ASBCA Bars Government's $17M Claim Against Arnold & Porter Client Raytheon Based on Statute of Limitations
Washington, D.C., February 26, 2013 -- The Armed Services Board of Contract Appeals (ASBCA) today issued its final decision in Raytheon Missile Systems, ASBCA No. 58011, whereby it barred the government's US$17 million claim against Arnold & Porter LLP's client by finding that the claim was invalid as outside the Contract Disputes Act's (CDA) six-year statute of limitations.
It is the latest in a long line of decisions before ASBCA and the Court of Federal Claims in which contractors have successfully invoked the CDA limitations period against such older government claims, and the third handled by Arnold & Porter partner Paul Pompeo.
The most recent decision is particularly noteworthy because it clarifies that the government bears the burden of proving the timeliness of its own claims. The decision is also useful for contractors because the Board squarely rejected the government's principal arguments when faced with such challenges. The Board in Raytheon Missile Systems (RMS) also expressly held that: (1) accrual of a government's claim is not suspended pending a Defense Contract Audit Agency (DCAA) audit or other financial analysis of the underlying facts (citing a prior Raytheon decision at the Court of Federal Claims); (2) accrual of a government's claim does not depend only on when the contracting officer knows or should know of the facts giving rise to the claim; (3) the basis for a government claim is not inherently unknowable when a contractor provides the government with the relevant information, but the government simply delays in assessing that information; and (4) short of misconduct rising to the level of trickery, communications between a contractor and the government about a claim's merits and magnitude (or lack thereof) do not toll the statute of limitations. The RMS decision also reaffirms that the CDA statute of limitations is an objective jurisdictional requirement.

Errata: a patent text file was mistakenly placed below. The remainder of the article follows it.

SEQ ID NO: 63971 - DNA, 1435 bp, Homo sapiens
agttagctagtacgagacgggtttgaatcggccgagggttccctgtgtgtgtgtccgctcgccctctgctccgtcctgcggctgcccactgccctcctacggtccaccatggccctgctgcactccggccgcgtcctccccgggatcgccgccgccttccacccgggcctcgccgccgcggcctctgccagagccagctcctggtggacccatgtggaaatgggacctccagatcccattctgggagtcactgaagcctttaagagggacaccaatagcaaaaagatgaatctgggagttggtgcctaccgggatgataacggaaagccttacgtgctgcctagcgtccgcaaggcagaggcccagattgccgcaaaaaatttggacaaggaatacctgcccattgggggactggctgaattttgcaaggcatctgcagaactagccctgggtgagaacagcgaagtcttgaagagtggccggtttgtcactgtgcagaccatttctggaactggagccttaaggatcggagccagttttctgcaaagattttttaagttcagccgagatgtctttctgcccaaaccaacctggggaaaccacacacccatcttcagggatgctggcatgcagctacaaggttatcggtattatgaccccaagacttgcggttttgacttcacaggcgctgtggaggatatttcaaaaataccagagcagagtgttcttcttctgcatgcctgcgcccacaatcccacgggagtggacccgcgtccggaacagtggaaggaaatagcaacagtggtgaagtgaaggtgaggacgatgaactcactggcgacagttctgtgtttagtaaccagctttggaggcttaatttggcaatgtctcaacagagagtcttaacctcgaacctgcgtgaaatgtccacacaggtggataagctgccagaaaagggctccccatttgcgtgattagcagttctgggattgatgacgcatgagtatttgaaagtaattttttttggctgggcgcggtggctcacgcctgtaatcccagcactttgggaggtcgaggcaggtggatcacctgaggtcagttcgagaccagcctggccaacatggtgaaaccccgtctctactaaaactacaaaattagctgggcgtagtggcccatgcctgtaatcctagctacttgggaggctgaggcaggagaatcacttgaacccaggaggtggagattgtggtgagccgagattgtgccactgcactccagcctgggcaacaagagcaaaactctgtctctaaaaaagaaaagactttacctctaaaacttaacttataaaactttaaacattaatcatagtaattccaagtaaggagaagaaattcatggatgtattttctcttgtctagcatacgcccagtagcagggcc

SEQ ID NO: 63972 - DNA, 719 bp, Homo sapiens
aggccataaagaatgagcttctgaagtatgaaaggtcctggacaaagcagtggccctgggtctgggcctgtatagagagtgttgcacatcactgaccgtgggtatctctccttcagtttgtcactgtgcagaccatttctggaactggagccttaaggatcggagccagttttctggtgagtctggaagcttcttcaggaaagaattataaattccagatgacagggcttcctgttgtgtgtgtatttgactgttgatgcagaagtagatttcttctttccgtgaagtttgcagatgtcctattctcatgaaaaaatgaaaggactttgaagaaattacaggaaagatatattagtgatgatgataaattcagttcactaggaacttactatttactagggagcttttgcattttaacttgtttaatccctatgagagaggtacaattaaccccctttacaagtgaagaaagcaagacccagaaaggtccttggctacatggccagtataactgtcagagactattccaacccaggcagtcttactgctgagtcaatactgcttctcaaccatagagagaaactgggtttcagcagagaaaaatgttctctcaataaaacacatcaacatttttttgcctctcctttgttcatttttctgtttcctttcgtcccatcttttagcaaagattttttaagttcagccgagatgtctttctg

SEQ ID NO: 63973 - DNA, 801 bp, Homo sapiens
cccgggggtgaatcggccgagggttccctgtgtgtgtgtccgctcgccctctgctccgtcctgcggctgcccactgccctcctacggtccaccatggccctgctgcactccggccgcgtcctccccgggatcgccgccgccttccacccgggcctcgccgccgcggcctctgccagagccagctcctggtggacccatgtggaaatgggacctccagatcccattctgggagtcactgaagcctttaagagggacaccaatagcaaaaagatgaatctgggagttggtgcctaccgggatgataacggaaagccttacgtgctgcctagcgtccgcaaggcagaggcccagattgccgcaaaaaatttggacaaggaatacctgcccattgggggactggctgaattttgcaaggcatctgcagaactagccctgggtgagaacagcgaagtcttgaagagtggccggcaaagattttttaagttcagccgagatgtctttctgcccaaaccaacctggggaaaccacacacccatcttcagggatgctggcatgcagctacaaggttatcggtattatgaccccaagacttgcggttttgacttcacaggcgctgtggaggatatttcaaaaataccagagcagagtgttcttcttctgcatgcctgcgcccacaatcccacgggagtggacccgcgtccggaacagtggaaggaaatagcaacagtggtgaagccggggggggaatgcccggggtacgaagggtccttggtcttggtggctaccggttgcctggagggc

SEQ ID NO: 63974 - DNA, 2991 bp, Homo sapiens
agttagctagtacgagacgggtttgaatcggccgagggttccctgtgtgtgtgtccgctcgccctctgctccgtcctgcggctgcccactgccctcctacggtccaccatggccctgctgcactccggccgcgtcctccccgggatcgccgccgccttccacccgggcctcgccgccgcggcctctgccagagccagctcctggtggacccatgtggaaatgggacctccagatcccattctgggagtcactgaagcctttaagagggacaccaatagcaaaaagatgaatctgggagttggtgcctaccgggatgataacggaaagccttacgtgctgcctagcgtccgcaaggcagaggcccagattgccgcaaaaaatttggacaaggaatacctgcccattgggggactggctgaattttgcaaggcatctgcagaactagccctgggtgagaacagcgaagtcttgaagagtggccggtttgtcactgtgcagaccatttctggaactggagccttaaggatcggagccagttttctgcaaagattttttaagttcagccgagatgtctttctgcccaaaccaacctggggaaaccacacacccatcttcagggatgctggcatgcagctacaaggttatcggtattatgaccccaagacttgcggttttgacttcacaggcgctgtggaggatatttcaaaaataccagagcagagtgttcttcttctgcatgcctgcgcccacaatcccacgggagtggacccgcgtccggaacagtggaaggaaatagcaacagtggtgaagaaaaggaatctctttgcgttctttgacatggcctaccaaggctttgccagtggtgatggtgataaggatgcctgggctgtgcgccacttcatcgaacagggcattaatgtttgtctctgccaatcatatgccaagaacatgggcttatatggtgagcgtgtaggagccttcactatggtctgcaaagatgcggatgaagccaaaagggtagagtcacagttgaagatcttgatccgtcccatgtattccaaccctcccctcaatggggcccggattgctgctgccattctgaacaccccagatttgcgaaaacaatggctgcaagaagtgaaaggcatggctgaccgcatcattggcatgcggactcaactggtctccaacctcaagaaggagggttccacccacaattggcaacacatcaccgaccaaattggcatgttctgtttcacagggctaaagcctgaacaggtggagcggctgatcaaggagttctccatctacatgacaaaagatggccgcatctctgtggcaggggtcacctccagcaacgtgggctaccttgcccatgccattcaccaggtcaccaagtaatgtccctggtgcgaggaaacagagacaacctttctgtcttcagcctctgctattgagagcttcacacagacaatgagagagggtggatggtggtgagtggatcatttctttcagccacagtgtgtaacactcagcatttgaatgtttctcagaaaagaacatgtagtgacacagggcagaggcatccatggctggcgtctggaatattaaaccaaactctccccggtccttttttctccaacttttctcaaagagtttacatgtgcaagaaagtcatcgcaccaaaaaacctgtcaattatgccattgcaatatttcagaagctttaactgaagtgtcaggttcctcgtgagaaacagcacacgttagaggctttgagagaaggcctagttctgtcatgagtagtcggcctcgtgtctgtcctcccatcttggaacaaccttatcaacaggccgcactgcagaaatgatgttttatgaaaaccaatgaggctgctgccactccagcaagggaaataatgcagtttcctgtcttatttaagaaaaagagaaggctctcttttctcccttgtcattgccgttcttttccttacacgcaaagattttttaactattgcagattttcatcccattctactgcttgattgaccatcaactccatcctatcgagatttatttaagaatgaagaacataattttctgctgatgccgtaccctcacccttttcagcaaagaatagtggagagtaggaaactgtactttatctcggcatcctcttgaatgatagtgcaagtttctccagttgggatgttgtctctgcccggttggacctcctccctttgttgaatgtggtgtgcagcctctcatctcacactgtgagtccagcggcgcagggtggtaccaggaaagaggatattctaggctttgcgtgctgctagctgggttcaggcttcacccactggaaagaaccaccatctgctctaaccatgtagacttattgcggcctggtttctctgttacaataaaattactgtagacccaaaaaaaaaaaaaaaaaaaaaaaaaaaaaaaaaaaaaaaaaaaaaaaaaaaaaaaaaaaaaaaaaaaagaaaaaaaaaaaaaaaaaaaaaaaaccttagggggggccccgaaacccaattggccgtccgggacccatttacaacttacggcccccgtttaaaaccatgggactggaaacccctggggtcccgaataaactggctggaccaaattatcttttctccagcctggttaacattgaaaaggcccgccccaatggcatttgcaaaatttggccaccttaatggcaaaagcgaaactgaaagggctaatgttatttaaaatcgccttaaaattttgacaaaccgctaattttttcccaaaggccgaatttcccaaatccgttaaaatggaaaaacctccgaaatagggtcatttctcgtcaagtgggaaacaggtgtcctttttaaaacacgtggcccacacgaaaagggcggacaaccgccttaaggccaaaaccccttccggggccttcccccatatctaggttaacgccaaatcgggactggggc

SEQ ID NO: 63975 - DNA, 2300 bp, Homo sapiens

In 2011, the government had formally alleged that, eleven years earlier, RMS had failed to follow one of its disclosed cost accounting practices in preparing a price proposal submitted to the Naval Air Systems Command for remanufactured Tomahawk missiles. Shortly after docketing its appeal, RMS moved to dismiss the claim for lack of jurisdiction based on the government's failure to assert the claim within six years of accrual. On January 28, 2013, ASBCA agreed and today affirmed that decision.
The Government Accountability Office (GAO) reported in December 2012 that the DCAA backlog of incurred cost audits was approximately 25,000 as of the end of fiscal year 2011, representing hundreds of billions of dollars in unsettled contractor costs, some of which date back to 1996. (See GAO Report No. GAO-13-131 at 2.) As a result, agencies are increasingly bringing claims against contractors based on DCAA audits of long-completed contracts and stale facts. In this context, the statute of limitations is proving to be a key contractor defense, and it is critical that in-house counsel familiarize themselves with the elements of the CDA's statute of limitations in order to assess the likelihoods of success of a late government claim in an environment of shrinking budgets where the government is grasping for recoveries in all areas.